Continuing the analogy, the battery is like an elevator which lifts the balls up to the top of the hill. The voltage is the height the elevator can lift. From that height the balls can roll down hill through the circuit doing work. The number of balls rolling down at any moment is the current. More current can do more work, but the amount of work each individual charge can do is limited by the height of the hill (potential)

This analogy is good to get started, but it is just an analogy. Electricity has many important differences. Most importantly there isn’t actually a hill. The charges themselves create the forces and potentials due to their mutual repulsion (and attraction for the opposite sign, of course).
 
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  • #9
Ignoring internal resistance, a chemical battery has two E fields, ## E_m ## and ##E_s##. Emf = ## \int \vec{E_m} \cdot \vec{dl} ## whereas voltage V = ## \int \vec{E_s} \cdot \vec{dl} ##. ##E_m## is the driving force pushing charge from - to + against the resistance offered by the ## E_s ## field. The net E field in the battery is zero since the two fields exactly cancel each other: ## E_m + E_s = 0 ##.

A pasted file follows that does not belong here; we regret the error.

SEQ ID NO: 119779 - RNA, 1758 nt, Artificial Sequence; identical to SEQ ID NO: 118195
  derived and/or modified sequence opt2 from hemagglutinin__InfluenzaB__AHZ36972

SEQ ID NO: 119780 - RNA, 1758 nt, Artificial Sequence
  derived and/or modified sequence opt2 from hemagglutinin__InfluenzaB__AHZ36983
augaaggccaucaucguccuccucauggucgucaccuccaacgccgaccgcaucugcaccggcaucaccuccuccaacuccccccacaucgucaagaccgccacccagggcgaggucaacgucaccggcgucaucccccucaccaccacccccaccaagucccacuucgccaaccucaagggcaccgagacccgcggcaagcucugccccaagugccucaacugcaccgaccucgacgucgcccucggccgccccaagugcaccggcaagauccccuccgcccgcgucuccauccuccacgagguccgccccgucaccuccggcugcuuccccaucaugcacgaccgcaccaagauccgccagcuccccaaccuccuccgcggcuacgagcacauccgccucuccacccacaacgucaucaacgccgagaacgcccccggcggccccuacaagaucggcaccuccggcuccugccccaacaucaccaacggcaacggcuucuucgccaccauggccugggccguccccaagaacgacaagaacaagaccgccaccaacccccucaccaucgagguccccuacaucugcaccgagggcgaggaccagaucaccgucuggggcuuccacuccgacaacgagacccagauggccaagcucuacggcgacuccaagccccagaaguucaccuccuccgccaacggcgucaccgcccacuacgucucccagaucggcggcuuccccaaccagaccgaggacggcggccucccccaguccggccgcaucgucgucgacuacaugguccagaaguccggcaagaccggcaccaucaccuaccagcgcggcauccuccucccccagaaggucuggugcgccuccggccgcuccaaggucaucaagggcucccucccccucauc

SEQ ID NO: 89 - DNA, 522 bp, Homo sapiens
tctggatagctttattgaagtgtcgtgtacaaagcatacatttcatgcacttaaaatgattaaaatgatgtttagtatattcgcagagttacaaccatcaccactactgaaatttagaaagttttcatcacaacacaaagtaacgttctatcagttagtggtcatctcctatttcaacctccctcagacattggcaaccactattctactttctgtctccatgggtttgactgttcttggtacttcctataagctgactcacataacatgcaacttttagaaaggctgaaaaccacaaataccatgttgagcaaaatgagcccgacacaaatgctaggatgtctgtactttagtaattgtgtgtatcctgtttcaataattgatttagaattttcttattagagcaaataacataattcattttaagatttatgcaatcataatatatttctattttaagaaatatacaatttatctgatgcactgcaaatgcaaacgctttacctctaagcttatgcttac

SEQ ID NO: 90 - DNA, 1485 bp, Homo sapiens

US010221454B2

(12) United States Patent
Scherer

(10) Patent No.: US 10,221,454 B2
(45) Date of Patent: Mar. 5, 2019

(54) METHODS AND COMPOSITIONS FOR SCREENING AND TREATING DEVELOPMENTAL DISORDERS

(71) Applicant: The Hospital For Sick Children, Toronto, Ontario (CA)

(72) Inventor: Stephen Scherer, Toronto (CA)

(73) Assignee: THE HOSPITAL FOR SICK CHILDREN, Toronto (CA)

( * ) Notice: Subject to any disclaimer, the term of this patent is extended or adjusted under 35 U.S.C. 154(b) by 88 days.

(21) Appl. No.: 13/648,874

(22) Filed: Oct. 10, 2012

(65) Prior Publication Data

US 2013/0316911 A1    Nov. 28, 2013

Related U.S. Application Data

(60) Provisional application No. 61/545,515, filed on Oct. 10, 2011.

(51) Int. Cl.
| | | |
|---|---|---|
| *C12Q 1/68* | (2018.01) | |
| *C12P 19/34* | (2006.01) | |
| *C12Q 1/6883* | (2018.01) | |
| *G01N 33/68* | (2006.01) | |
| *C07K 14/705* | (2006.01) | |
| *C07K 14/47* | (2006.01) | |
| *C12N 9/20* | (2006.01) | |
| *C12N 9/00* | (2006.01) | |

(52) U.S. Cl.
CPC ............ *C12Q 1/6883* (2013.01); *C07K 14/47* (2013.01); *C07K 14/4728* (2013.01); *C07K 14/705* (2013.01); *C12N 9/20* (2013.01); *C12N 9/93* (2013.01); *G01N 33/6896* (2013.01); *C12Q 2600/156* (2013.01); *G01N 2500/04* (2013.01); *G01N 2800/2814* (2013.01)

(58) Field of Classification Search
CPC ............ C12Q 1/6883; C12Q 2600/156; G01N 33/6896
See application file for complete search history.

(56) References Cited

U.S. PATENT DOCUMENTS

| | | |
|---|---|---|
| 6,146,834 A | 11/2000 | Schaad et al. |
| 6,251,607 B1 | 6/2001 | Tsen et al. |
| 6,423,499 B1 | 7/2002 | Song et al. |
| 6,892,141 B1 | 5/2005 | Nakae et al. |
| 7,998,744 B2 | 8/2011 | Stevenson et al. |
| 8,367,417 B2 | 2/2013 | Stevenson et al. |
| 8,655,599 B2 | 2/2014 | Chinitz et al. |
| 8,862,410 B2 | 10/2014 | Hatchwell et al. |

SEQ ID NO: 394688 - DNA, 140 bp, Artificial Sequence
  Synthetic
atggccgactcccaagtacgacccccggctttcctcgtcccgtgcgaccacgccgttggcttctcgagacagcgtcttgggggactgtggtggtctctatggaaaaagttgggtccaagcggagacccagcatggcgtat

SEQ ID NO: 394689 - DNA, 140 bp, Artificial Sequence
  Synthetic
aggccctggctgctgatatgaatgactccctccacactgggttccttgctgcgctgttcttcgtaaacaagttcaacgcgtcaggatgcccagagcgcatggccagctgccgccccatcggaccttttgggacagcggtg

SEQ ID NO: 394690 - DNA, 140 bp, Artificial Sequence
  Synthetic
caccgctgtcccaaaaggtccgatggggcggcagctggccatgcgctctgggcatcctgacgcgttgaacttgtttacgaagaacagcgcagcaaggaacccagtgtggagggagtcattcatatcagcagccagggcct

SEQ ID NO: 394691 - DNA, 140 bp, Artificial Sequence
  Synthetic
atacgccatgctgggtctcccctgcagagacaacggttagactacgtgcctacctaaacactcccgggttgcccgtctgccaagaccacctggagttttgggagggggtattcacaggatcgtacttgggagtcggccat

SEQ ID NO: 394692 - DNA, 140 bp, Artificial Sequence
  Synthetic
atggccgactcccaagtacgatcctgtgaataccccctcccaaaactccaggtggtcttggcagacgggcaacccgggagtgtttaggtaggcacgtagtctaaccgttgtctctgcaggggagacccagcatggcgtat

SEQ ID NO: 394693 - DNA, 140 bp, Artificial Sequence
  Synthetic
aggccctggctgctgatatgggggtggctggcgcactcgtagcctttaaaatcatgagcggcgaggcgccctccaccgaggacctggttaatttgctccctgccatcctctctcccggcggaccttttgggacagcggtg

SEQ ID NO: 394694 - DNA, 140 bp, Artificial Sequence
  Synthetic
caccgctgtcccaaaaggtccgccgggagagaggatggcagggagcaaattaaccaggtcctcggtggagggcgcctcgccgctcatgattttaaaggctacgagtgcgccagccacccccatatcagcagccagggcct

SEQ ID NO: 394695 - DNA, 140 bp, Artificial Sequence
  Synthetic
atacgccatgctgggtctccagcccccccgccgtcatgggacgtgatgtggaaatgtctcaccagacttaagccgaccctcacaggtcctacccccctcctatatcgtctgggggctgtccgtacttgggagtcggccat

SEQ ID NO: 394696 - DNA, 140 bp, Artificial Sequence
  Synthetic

A voltmeter reads voltage, not emf: V = ## \int \vec{E_s} \cdot \vec{dl} ##.

A good analogy (offered by Yale prof. R. Shankar, cf. his excellent course on YouTube) is a ski lift. You have an ideal battery (no internal resistance) in series with a resistor. The lift pushes you (the charge) up the slope with ## E_m ## against gravity (##E_s ##), then at the top you slide down against friction until arriving at the bottom with zero speed, having dissipated your potential energy in the resistor as heat.
 
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  • #10
Cutter Ketch said:
Continuing the analogy, the battery is like an elevator which lifts the balls up to the top of the hill. The voltage is the height the elevator can lift. From that height the balls can roll down hill through the circuit doing work.
This analogy should also include sections of (nearly) horizontal channel through which the balls run without losing potential energy. These sections correspond to IDEAL CONNECTING WIRES. The sloping sections only are the loads / resistances in the circuit.